Inducible BALT (iBALT) can amplify pulmonary or systemic inflammatory responses to the benefit or detriment of the host. We took advantage of the age-dependent formation of iBALT to interrogate the underlying mechanisms that give rise to this ectopic, tertiary lymphoid organ. In this study, we show that the reduced propensity for weanling as compared with neonatal mice to form iBALT in response to acute LPS exposure is associated with greater regulatory T cell expansion in the mediastinal lymph nodes. Ab- or transgene-mediated depletion of regulatory T cells in weanling mice upregulated the expression of IL-17A and CXCL9 in the lungs, induced a tissue neutrophilia, and increased the frequency of iBALT to that observed in neonatal mice. Remarkably, neutrophil depletion in neonatal mice decreased the expression of the B cell active cytokines, a proliferation-inducing ligand and IL-21, and attenuated LPS-induced iBALT formation. Taken together, our data implicate a role for neutrophils in lymphoid neogenesis. Neutrophilic inflammation is a common feature of many autoimmune diseases in which iBALT are present and pathogenic, and hence the targeting of neutrophils or their byproducts may serve to ameliorate detrimental lymphoid neogenesis in a variety of disease contexts.
This article is featured in In This Issue, p.4053
Inducible BALT (iBALT) is an ectopic tertiary lymphoid organ of the lung that consists of T and B cell areas with germinal centers, and high endothelial venules that allow for lymphocyte entry from the blood. iBALT develop postnatally, are evident in many autoimmune/inflammatory disorders (e.g., rheumatoid arthritis, Sjogren’s disease, chronic obstructive pulmonary disease [COPD]), and may contribute to immunopathology through the production of autoantibodies or allergen-specific Abs (1, 2). In contrast, iBALT can limit immunopathology and can contribute to host defense against respiratory pathogens (3, 4) via the creation of a local niche to facilitate immune cell crosstalk and accelerated T cell priming (5). Thus, understanding the processes that underlie iBALT formation may offer strategies to limit immunopathology or enhance protective immunity (6, 7).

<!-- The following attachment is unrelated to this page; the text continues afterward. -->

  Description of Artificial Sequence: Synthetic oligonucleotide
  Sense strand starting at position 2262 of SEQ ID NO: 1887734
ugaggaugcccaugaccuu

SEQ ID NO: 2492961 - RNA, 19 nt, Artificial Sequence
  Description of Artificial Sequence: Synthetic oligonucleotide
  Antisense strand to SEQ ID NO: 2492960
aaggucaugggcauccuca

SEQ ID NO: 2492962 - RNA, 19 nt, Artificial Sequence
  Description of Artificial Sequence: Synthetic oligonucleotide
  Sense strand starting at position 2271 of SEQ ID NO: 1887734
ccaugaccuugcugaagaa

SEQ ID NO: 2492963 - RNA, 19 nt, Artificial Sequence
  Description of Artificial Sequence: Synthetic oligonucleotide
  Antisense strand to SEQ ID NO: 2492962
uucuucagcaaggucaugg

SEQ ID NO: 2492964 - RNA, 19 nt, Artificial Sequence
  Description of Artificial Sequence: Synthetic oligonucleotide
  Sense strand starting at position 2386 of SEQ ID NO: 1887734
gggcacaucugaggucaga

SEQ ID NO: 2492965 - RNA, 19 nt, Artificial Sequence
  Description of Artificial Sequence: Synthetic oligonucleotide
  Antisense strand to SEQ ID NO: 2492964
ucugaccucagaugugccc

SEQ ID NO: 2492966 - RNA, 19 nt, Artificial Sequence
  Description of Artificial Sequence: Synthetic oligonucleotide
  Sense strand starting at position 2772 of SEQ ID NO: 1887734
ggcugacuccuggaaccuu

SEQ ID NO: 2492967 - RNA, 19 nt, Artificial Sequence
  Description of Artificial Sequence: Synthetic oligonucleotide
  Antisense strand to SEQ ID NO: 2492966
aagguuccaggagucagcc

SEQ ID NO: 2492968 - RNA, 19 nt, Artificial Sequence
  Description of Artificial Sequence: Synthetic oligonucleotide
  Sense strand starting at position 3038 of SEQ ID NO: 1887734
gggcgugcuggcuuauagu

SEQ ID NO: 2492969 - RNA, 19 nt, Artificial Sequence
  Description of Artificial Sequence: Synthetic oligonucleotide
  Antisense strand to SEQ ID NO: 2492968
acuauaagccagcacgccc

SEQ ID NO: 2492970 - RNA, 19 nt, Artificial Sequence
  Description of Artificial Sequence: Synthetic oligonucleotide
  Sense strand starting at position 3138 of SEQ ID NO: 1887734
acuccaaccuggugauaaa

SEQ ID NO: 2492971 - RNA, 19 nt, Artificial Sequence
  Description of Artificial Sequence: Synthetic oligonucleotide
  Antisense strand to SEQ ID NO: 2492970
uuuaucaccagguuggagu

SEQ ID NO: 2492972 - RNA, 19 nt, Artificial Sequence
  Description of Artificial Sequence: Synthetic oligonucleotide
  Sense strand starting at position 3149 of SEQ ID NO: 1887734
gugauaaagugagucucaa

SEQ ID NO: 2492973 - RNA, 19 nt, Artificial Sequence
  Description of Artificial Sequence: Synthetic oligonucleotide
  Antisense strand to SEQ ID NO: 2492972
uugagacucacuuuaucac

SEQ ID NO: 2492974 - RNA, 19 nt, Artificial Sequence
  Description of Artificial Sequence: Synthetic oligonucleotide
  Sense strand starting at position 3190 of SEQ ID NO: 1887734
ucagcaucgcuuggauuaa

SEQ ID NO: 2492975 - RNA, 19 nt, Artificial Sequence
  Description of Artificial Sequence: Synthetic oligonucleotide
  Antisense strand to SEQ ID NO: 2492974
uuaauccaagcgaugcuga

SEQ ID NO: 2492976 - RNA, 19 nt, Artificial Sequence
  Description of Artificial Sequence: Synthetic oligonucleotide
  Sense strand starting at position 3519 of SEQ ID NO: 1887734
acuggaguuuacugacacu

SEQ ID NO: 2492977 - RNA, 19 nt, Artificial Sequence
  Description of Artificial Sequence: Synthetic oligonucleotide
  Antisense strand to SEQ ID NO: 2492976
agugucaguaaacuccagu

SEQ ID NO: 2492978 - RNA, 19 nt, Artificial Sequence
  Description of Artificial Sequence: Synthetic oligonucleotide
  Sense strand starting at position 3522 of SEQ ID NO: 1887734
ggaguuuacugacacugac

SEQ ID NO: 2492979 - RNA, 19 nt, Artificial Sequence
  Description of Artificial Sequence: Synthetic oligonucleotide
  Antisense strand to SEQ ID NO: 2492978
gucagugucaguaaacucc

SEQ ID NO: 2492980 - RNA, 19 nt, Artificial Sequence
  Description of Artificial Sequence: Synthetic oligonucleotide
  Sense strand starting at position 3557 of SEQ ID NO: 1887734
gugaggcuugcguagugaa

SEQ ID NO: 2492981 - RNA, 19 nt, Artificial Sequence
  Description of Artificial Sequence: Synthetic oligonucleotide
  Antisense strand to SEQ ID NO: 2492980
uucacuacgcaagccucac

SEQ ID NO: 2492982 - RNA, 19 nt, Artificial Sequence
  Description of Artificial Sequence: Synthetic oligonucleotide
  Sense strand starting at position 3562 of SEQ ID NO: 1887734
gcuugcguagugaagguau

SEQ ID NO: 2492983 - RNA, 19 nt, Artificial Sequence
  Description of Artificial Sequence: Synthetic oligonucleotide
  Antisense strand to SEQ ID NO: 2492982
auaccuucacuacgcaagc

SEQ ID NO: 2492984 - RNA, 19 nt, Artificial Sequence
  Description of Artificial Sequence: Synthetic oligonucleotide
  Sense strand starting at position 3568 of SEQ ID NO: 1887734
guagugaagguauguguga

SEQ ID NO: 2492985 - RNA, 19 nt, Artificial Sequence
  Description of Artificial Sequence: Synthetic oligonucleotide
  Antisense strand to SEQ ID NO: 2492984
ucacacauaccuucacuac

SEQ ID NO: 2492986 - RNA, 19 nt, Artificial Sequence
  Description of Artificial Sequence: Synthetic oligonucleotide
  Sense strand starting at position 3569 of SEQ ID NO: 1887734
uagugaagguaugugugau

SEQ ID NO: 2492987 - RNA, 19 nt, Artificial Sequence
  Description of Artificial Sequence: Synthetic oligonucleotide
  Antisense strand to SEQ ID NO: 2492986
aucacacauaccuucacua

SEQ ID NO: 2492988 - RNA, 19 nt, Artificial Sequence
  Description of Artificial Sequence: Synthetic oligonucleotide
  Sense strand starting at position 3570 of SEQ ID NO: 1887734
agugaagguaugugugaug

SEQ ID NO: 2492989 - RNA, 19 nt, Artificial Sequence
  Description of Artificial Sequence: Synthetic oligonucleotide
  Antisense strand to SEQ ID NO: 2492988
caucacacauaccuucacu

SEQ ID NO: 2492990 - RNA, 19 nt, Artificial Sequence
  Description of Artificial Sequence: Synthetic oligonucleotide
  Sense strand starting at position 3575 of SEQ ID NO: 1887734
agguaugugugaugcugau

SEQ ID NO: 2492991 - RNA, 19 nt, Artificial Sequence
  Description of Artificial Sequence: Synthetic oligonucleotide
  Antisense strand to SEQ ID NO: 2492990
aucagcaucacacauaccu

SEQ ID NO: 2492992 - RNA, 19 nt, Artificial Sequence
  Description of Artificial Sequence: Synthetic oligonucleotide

Despite the fact that iBALT is not preprogrammed like secondary lymphoid organs (SLO), the incidence of iBALT is greater in early life [a phenomenon observed in multiple species (8, 9)], suggesting that a developmental window may exist. Lymphoid tissue-inducer (LTi) cells, which communicate with stromal cells to orchestrate SLO neogenesis (10), are elevated in early life (11) but are dispensable for iBALT formation (3, 12, 13). Instead, new evidence has implicated innate and adaptive IL-17–producing cells in the formation of iBALT and other ectopic lymphoid tissues (12, 14). Intriguingly, CCR7−/− mice spontaneously develop iBALT in early life, a phenotype that is lost following the adoptive transfer of CCR7+/+ regulatory T (Treg) cells to CCR7−/− mice, suggesting that Treg cells can suppress iBALT formation (15). This is noteworthy because a reciprocal counter-regulatory relationship exists between Treg cells and Th17 cells. Although Treg cells are induced under the control of TGF-β, the coexpression of IL-6 leads to the activation of the transcriptional regulator retinoic acid receptor–related orphan receptor–γt (RORγt), which redirects lineage fate toward IL-17A–, IL-21–, and IL-22–producing T cells (11). In addition, the proinflammatory cytokines IL-1β and IL-23 contribute to the differentiation and expansion of Th17 cells while suppressing the regulatory effects of Treg cells (16–18). Moreover, IL-6 and IL-21 can induce conventional T cells to become refractory to Treg cell suppression (19, 20). However, whether the balance between IL-17–producing cells and Treg cells extends to control ectopic lymphoid formation in the lung remains to be determined, as does the molecular basis by which IL-17A promotes iBALT formation.
In this work, we show that the reduced susceptibility of weanling mice to form iBALT is associated with increased Treg cells in the mediastinal lymph node (MLN) following acute LPS exposure. In the absence of Treg cells, LPS treatment led to a greater neutrophilic response in the lung and restored the capacity of weanling mice to form iBALT. Remarkably, neutrophil depletion in neonatal mice decreased the expression of the B cell active cytokines, a proliferation-inducing ligand (APRIL) and IL-21, and attenuated LPS-induced iBALT formation, indicating a role for neutrophils in lymphoid neogenesis.